Phase the First: The Maiden
9. CHAPTER IX (continued)
Almost before her misgiving at the news could find time
to shape itself she took, under her companion's
direction, two of the most beautiful of the Hamburghs
in her arms, and followed the maid-servant, who had
likewise taken two, to the adjacent mansion, which,
though ornate and imposing, showed traces everywhere on
this side that some occupant of its chambers could bend
to the love of dumb creatures--feathers floating within
view of the front, and hen-coops standing on the grass.
In a sitting-room on the ground-floor, ensconced in an
armchair with her back to the light, was the owner and
mistress of the estate, a white-haired woman of not
more than sixty, or even less, wearing a large cap.
She had the mobile face frequent in those whose sight
has decayed by stages, has been laboriously striven
after, and reluctantly let go, rather than the stagnant
mien apparent in persons long sightless or born blind.
Tess walked up to this lady with her feathered
charges--one sitting on each arm.
"Ah, you are the young woman come to look after my
birds?" said Mrs d'Urberville, recognizing a new
footstep. "I hope you will be kind to them. My
bailiff tells me you are quite the proper person. Well,
where are they? Ah, this is Strut! But he is hardly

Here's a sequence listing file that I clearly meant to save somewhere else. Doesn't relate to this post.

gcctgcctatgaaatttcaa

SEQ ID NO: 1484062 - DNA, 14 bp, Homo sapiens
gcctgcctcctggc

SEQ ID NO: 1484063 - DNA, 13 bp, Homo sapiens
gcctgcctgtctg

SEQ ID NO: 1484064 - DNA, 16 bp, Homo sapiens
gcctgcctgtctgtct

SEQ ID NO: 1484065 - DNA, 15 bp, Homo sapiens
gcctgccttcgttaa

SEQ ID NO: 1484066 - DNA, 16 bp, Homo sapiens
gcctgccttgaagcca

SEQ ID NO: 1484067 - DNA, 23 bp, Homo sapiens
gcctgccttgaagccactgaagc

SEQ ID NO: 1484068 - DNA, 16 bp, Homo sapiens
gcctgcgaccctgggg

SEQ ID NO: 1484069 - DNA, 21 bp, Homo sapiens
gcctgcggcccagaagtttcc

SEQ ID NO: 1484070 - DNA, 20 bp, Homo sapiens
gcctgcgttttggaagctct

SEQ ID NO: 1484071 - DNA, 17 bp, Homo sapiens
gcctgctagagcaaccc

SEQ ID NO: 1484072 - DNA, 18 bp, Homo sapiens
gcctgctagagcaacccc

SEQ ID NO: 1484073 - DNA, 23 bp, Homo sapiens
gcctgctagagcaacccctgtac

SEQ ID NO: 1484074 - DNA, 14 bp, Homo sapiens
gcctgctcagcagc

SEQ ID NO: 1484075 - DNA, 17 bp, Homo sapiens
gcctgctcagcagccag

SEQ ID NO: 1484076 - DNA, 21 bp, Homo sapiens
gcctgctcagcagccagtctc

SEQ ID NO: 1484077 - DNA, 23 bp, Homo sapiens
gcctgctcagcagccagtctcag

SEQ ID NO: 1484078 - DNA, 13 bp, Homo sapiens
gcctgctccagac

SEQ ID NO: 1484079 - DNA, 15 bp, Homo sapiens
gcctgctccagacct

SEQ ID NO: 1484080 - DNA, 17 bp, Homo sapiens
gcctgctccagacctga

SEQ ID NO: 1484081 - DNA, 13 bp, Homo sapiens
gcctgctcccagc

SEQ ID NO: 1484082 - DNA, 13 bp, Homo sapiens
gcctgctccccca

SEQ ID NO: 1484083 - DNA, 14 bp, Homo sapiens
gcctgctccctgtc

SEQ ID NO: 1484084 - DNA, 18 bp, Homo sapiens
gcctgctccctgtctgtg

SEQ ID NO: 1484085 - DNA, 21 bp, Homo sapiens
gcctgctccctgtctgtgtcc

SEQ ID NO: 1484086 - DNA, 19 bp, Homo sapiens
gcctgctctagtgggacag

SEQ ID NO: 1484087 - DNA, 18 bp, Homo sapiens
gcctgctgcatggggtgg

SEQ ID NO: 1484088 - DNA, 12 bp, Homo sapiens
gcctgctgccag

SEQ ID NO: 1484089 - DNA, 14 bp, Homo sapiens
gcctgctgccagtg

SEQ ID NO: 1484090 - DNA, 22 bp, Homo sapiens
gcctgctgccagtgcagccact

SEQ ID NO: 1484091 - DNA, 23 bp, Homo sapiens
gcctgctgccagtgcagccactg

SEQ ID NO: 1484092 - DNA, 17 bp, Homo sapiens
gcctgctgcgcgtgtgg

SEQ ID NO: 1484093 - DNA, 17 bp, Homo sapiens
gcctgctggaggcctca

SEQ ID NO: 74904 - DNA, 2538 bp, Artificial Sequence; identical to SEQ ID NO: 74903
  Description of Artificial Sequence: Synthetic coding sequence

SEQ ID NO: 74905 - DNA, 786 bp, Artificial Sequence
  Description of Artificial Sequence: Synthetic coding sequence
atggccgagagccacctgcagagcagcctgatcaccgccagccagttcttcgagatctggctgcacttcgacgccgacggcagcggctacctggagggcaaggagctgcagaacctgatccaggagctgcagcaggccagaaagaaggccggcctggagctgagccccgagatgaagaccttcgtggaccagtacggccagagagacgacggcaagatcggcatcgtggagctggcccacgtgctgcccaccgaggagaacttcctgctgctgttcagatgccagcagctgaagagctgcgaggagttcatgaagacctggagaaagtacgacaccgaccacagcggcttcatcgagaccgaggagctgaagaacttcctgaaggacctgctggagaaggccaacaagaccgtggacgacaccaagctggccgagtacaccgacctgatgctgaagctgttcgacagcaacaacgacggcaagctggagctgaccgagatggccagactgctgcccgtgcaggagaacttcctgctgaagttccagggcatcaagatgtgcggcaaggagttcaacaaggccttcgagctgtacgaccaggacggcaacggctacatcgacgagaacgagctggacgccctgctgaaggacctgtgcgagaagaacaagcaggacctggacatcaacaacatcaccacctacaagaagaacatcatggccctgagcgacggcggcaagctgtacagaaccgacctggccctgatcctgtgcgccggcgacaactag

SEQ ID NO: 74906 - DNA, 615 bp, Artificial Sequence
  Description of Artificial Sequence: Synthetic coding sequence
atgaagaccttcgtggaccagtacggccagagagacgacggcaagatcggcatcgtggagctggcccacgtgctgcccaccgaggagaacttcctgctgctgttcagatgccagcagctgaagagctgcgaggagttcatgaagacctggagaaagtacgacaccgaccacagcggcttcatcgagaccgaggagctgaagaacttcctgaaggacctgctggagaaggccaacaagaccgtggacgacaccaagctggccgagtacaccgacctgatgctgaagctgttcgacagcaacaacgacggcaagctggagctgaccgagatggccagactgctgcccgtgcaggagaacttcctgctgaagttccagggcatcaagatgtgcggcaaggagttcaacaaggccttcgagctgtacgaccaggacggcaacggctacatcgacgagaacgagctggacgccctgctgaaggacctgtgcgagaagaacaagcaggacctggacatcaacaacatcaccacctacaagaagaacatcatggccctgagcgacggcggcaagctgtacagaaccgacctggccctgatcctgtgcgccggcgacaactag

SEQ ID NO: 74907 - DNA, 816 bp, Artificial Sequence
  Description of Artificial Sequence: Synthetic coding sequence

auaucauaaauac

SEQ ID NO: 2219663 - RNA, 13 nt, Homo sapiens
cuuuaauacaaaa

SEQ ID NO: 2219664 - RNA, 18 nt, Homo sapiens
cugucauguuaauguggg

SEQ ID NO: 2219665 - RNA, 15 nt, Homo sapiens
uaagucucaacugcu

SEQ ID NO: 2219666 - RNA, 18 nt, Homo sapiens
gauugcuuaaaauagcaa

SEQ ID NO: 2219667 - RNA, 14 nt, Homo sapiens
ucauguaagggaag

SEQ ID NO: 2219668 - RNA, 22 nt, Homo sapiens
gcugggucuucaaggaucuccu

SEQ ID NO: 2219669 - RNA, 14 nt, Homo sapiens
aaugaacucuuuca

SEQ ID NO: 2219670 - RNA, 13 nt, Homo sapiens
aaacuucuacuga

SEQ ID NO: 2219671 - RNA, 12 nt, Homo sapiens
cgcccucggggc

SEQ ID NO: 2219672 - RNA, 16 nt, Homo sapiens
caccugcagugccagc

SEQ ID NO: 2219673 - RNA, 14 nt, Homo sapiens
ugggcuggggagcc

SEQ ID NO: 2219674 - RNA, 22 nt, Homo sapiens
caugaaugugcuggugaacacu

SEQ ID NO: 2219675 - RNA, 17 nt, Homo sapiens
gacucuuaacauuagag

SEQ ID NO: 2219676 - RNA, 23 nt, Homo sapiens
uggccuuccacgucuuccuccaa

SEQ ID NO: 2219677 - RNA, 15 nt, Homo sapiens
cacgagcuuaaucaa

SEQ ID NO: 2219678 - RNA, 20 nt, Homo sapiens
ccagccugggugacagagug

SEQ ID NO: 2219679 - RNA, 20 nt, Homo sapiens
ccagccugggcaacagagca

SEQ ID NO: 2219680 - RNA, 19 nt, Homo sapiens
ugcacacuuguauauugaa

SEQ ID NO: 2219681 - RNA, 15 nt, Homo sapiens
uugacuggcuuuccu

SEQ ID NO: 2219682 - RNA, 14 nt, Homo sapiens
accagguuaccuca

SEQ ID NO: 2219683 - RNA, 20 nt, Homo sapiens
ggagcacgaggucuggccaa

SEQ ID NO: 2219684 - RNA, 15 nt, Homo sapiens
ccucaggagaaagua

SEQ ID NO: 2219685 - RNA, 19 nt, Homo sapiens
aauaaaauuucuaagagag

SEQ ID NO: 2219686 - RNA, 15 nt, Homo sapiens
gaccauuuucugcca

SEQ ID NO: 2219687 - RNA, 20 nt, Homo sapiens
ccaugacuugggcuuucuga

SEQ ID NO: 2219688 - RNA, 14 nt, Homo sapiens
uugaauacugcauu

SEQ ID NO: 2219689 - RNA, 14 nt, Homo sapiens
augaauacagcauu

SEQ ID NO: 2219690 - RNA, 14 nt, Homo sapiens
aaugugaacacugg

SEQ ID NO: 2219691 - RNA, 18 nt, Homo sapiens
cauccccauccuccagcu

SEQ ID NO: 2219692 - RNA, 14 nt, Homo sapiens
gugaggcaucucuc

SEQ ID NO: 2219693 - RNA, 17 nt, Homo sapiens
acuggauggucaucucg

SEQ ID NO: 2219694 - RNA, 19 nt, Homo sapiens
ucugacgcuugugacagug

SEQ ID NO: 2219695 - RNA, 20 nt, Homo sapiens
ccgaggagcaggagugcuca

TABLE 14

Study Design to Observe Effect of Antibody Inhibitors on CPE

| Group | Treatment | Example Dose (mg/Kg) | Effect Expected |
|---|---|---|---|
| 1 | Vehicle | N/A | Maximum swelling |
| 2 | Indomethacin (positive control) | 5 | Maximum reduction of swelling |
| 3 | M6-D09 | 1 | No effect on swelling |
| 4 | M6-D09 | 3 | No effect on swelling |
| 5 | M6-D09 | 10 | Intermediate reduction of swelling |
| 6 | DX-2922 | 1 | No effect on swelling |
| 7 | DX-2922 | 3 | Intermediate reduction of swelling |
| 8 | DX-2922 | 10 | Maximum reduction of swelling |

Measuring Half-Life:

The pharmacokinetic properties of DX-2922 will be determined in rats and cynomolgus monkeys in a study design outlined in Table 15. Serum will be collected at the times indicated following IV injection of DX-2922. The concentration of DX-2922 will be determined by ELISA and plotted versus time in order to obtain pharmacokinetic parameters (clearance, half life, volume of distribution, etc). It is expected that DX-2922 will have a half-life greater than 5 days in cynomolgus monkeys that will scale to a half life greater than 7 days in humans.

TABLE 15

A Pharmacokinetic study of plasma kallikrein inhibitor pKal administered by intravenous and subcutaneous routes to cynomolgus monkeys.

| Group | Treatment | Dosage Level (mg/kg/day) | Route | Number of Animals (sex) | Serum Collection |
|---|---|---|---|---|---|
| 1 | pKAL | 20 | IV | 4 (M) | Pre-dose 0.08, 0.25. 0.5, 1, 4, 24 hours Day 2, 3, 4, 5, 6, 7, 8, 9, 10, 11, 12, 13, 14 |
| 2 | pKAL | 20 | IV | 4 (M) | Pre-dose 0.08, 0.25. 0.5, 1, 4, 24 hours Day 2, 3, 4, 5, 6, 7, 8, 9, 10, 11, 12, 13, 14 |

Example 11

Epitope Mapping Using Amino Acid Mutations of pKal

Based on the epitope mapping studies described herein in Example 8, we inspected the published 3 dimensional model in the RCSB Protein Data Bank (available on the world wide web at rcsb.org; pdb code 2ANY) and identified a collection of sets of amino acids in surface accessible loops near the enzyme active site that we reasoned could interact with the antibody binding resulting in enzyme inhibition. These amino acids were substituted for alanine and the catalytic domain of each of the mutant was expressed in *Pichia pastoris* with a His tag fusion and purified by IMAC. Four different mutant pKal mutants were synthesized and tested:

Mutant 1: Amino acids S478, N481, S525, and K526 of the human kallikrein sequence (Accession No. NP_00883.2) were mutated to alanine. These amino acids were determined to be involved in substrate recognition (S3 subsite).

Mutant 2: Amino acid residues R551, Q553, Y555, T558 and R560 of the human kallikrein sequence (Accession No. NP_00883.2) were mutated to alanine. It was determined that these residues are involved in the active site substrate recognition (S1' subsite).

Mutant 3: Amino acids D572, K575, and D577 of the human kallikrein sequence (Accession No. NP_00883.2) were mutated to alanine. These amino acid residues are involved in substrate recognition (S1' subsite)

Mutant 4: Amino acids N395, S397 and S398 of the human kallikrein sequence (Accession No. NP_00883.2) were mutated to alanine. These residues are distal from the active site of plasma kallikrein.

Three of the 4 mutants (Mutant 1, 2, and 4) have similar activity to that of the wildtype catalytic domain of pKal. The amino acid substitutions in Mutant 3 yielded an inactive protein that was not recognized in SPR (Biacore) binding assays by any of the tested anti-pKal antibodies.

so lively today, is he? He is alarmed at being handled
by a stranger, I suppose. And Phena too--yes, they are
a little frightened--aren't you, dears? But they will
soon get used to you."
While the old lady had been speaking Tess and the other
maid, in obedience to her gestures, had placed the
fowls severally in her lap, and she had felt them over
from head to tail, examining their beaks, their combs,
the manes of the cocks, their winds, and their claws.
Her touch enabled her to recognize them in a moment,
and to discover if a single feather were crippled or
draggled. She handled their crops, and knew what they
had eaten, and if too little or too much; her face
enacting a vivid pantomime of the criticisms passing in
The birds that the two girls had brought in were duly
returned to the yard, and the process was repeated till
all the pet cocks and hens had been submitted to the
old woman--Hamburghs, Bantams, Cochins, Brahmas,
Dorkings, and such other sorts as were in fashion just
then--her perception of each visitor being seldom at
fault as she received the bird upon her knees.